Rev. Jesse Jackson and U.S. Reps. Alcee Hastings and Ted Deutch, both Florida Democrats, call it “voter suppression.” The ACLU has filed three lawsuits against the voter purge. Conservative tea partiers are adamant that foreigners not vote in Florida. Gov. Rick Scott’s administration, Secretary of State Ken Detzner and the Florida Department of Elections spokesperson say nonsense: “We are firmly committed to do the right thing and prevent ineligible voters from being able to cast a ballot,” referring to the removal of ineligible voters: felons, dead people and noncitizens.
The U.S. Department of Justice on May 31 ordered Florida to halt any systematic effort to find and purge the state’s voter rolls of noncitizens, based on the 1965 U.S. Voting Rights Act and the 1993 National Voter Registration Act, both signed into law by Democratic presidents. The original 182,000 purge list is down to 2,625, of which 141 noncitizens have been found. Miami-Dade County’s supervisor of elections says the list has errors of 33 percent. Also, 87 percent of the list are minorities.
The Miami Herald’s political reporter, Marc Caputo, wrote in his May 14 column that, “Apathy, not the law, cuts voting most.” To which editorial page columnist Joy-Ann Reid answered in her May 30 column, that “kicking potential Democratic voters off the rolls might be Republicans’ best hope” to carry Florida this Nov. 6.
Who is right? They all are. It’s part of the new political ritual of electing a U.S. president.
In 2011 the Florida Legislature passed House Bill 1355, a rewrite of our state’s election laws. Of course, it was a partisan slant that helps Republicans. The law was passed by an overwhelming Republican-controlled Legislature and signed by a tea party Republican governor. Similar laws have been passed in three other GOP battleground states.
Nobody wants “illegals” to be the ones whose votes matter in close elections in battleground states. But, it is un-American to discriminate against a legal citizen. The great thing about “American Exceptionalism” is that it is ever growing, expanding culturally, without abandoning core rules as outlined in our Constitution.
What of the larger issue — a pluralistic, multiethnic/racial United States of America? Can these new immigrants become good Americans, like the Irish Catholics, Russians, Polish, German Jews, Italians and Scandinavians did a century ago? The answer is: It depends on education and assimilation.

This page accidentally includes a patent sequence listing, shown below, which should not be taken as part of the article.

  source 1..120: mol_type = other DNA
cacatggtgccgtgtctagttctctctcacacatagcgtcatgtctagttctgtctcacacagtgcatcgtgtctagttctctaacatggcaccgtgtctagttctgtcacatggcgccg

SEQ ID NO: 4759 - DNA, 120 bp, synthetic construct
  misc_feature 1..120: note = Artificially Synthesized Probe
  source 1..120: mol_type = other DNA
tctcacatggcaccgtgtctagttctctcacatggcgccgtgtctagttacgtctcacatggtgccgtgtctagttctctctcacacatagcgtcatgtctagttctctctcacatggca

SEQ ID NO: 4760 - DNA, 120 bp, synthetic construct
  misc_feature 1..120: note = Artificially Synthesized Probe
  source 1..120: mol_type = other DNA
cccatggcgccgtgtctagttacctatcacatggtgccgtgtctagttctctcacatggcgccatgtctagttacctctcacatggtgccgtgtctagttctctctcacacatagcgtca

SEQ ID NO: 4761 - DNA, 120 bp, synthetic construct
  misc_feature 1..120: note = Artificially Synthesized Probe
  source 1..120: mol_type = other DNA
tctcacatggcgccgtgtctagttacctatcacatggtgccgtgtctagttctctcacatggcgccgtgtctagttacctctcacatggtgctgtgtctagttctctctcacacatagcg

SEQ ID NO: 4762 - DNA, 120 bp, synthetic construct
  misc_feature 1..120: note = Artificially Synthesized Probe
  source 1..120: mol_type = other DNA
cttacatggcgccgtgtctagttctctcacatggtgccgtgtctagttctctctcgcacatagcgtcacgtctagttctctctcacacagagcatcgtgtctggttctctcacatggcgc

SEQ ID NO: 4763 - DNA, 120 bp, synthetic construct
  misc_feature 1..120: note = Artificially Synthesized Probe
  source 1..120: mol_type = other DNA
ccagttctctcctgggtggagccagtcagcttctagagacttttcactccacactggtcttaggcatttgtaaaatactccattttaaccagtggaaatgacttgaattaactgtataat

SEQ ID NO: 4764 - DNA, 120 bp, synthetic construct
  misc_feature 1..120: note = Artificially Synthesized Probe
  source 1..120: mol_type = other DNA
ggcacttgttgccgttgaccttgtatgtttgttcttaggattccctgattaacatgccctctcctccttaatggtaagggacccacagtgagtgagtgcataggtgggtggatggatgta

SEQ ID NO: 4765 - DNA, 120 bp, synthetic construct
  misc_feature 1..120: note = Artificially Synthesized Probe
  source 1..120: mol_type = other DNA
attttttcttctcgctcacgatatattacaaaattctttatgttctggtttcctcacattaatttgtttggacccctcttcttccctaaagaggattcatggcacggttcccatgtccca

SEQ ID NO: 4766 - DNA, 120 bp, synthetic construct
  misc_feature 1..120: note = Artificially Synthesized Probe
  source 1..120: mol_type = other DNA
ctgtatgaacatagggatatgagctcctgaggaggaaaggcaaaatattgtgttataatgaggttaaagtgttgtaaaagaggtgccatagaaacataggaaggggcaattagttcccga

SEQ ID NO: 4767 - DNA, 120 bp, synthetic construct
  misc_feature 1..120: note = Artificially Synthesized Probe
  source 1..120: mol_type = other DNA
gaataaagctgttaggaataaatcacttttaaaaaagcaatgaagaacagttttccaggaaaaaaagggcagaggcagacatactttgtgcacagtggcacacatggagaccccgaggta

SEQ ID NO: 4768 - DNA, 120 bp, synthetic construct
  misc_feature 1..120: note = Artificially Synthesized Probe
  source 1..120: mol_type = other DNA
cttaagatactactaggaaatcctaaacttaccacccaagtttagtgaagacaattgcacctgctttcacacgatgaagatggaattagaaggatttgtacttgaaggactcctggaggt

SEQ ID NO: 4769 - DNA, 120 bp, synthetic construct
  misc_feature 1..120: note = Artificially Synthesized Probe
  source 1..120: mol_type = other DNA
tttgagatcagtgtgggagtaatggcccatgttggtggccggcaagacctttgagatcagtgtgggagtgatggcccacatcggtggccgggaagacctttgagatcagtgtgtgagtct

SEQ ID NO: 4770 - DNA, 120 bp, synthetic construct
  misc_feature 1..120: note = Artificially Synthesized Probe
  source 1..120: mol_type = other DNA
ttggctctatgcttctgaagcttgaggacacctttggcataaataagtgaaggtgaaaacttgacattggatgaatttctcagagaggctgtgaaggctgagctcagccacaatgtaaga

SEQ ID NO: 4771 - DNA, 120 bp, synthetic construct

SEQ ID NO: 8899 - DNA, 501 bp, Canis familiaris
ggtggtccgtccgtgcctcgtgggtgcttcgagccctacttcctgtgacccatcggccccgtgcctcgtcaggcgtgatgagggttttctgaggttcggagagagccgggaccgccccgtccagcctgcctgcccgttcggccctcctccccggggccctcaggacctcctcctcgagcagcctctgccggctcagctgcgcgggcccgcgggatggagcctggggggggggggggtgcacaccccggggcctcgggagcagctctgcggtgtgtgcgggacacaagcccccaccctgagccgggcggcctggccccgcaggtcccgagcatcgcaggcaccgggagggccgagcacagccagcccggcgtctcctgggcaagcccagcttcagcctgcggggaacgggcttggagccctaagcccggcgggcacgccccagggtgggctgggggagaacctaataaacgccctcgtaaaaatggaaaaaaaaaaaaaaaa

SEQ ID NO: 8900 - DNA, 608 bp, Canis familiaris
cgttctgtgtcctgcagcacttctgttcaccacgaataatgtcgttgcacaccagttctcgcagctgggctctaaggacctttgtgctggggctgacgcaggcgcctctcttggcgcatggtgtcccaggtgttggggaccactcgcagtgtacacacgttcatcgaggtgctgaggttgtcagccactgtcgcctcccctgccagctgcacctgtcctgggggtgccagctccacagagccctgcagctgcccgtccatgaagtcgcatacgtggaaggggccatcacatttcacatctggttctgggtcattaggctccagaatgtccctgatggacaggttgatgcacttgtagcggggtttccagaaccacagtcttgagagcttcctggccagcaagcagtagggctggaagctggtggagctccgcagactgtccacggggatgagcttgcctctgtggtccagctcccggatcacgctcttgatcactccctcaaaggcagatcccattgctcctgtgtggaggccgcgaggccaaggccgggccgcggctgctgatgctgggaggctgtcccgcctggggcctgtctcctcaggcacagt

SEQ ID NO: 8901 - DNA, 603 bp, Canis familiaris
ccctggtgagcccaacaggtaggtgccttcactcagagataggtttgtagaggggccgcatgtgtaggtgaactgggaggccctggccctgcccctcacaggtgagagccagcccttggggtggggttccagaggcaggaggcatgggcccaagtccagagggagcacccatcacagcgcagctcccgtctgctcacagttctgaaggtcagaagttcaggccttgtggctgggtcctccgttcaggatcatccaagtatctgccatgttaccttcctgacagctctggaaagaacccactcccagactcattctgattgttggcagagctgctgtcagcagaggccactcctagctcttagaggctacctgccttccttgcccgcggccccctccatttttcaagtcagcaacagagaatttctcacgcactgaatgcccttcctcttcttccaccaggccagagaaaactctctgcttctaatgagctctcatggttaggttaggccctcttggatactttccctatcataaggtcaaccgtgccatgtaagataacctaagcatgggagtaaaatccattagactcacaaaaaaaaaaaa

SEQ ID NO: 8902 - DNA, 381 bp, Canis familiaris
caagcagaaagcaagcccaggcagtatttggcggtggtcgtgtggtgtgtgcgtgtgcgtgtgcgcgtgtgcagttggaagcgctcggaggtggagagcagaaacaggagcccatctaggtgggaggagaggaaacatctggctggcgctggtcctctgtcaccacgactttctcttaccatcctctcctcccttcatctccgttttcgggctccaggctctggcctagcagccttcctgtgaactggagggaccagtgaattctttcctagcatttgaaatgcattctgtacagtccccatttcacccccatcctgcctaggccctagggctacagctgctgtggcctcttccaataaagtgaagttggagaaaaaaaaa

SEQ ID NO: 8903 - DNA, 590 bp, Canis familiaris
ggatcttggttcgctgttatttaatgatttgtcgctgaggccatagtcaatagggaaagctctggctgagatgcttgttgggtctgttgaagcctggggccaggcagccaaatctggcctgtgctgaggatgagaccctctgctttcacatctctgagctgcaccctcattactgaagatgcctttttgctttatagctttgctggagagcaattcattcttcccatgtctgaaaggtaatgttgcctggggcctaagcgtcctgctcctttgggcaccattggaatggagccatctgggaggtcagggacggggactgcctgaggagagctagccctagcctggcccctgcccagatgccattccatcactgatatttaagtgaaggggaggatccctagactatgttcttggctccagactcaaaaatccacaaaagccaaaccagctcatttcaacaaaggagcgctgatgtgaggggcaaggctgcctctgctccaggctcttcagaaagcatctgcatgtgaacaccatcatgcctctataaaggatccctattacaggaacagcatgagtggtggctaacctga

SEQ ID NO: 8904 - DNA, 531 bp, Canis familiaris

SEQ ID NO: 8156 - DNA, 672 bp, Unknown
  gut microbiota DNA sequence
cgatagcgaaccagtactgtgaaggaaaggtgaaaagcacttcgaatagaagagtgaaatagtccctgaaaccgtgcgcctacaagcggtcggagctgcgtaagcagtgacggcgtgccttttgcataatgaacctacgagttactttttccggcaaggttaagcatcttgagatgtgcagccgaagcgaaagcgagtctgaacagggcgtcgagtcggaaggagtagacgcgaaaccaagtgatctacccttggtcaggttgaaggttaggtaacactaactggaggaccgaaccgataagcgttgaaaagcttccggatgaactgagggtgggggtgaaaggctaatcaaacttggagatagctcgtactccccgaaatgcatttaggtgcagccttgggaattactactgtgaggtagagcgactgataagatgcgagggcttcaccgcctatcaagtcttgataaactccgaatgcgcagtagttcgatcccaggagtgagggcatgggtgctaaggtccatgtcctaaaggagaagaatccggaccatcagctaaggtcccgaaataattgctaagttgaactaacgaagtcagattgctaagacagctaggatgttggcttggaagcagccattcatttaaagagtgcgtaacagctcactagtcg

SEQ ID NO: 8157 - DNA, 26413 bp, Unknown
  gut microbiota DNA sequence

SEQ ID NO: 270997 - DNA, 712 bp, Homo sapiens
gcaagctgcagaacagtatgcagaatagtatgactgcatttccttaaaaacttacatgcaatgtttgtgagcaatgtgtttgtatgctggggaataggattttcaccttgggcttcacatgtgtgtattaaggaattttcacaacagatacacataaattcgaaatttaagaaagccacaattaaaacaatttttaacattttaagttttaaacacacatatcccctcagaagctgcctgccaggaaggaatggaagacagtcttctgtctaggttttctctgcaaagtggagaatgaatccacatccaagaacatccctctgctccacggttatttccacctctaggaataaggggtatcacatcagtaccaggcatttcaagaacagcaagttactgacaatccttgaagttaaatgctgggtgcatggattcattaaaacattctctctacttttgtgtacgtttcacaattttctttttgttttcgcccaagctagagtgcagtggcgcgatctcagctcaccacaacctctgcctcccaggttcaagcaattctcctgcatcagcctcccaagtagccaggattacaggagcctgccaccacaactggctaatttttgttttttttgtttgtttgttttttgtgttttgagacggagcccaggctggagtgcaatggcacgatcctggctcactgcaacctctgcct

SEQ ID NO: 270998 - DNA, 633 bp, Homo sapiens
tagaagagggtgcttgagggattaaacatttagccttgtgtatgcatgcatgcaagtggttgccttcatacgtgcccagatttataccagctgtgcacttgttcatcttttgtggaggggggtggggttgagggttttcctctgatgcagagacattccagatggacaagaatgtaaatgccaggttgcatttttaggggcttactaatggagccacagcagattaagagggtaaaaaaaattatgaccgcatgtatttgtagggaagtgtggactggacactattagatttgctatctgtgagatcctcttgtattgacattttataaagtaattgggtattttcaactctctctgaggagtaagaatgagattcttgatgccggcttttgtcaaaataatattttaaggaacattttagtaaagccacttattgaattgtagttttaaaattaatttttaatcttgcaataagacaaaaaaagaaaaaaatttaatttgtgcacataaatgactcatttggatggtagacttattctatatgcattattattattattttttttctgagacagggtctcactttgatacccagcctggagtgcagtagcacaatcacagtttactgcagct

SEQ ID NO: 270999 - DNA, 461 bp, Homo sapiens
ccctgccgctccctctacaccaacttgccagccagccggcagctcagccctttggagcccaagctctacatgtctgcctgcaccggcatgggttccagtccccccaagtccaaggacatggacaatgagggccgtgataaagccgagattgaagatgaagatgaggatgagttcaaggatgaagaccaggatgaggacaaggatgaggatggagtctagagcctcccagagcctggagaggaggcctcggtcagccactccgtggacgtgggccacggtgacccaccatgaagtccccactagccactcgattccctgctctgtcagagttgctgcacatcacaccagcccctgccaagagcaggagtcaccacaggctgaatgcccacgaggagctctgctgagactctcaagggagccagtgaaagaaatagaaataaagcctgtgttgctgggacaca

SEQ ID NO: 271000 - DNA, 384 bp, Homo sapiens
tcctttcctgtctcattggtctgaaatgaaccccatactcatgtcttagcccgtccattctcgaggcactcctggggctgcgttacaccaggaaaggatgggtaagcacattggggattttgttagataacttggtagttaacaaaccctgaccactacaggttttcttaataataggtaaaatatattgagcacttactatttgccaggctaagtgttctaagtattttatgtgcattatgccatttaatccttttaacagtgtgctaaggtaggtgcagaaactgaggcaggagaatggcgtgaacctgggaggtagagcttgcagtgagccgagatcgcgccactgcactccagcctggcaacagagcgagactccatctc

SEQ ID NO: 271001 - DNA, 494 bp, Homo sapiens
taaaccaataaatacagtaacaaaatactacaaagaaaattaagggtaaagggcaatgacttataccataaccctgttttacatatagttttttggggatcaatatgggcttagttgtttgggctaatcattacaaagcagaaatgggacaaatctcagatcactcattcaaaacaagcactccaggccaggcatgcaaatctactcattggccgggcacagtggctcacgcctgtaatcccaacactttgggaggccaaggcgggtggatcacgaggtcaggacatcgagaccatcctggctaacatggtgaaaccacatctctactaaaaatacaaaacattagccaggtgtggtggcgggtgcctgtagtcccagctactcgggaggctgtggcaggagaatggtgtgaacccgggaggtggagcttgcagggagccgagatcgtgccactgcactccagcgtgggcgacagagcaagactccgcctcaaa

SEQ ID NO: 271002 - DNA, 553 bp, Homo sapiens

More than half of the growth in the United States from 2000 to 2010 was from Hispanic births. About 25 percent of U.S. public-school students are Hispanic. Other demographers predict that by 2030, 40 percent of the U.S. workforce will be Hispanic. By 2050 one in three Americans likely will be Hispanic. Others explain that for the United States to compete with China, we would need to have an average college-educated population of 60 percent. Today, the average Latino college education level in the United States is 13 percent. China and India each are graduating more engineers, science and math majors than the United States.
Tens of millions of blue-collar workers are unemployed and unemployable (there are more than 3.7 million high-tech jobs unfilled today in the United States). This has caused understandable anger and angst, reflected in the increasing number of white, blue-collar voters leaning Republican. In 2008, 54 percent of all white American voters voted Republican; in Florida it was 55 percent. The white Republican vote in the Sunshine State is now 57 percent, according to recent polls. If six million non-Hispanic white Floridians vote in 2012, every percentage point equates to 60,000 votes. You do the math.
If in 2012 Florida’s vote goes to 8.5 million, you need 4.25 million popular votes, plus one, to win Florida’s 29 Electoral College votes. President Obama got almost 4.3 million votes, winning Florida by 236,000 votes. If Obama gets 2.6 million white votes in Florida in 2012, can he get 1.6 million nonwhite voters?
By Nov. 6, there will be over 3.5 million “nonwhite” registered voters in Florida. For Obama to win he has to bring out a 70 percent turnout and get more than 65 percent of that minority vote.
This simple sequential logic is why the Obama campaign is so overwhelmingly engaged in a ground campaign. If the president is able, as in the past, to get over 50 percent of the female vote, with a good minority vote turnout, he can carry Florida.
It’s all about winning presidential elections in our always evolving democracy. Maurice A. Ferre is a former Miami mayor, Miami-Dade County commissioner and state legislator.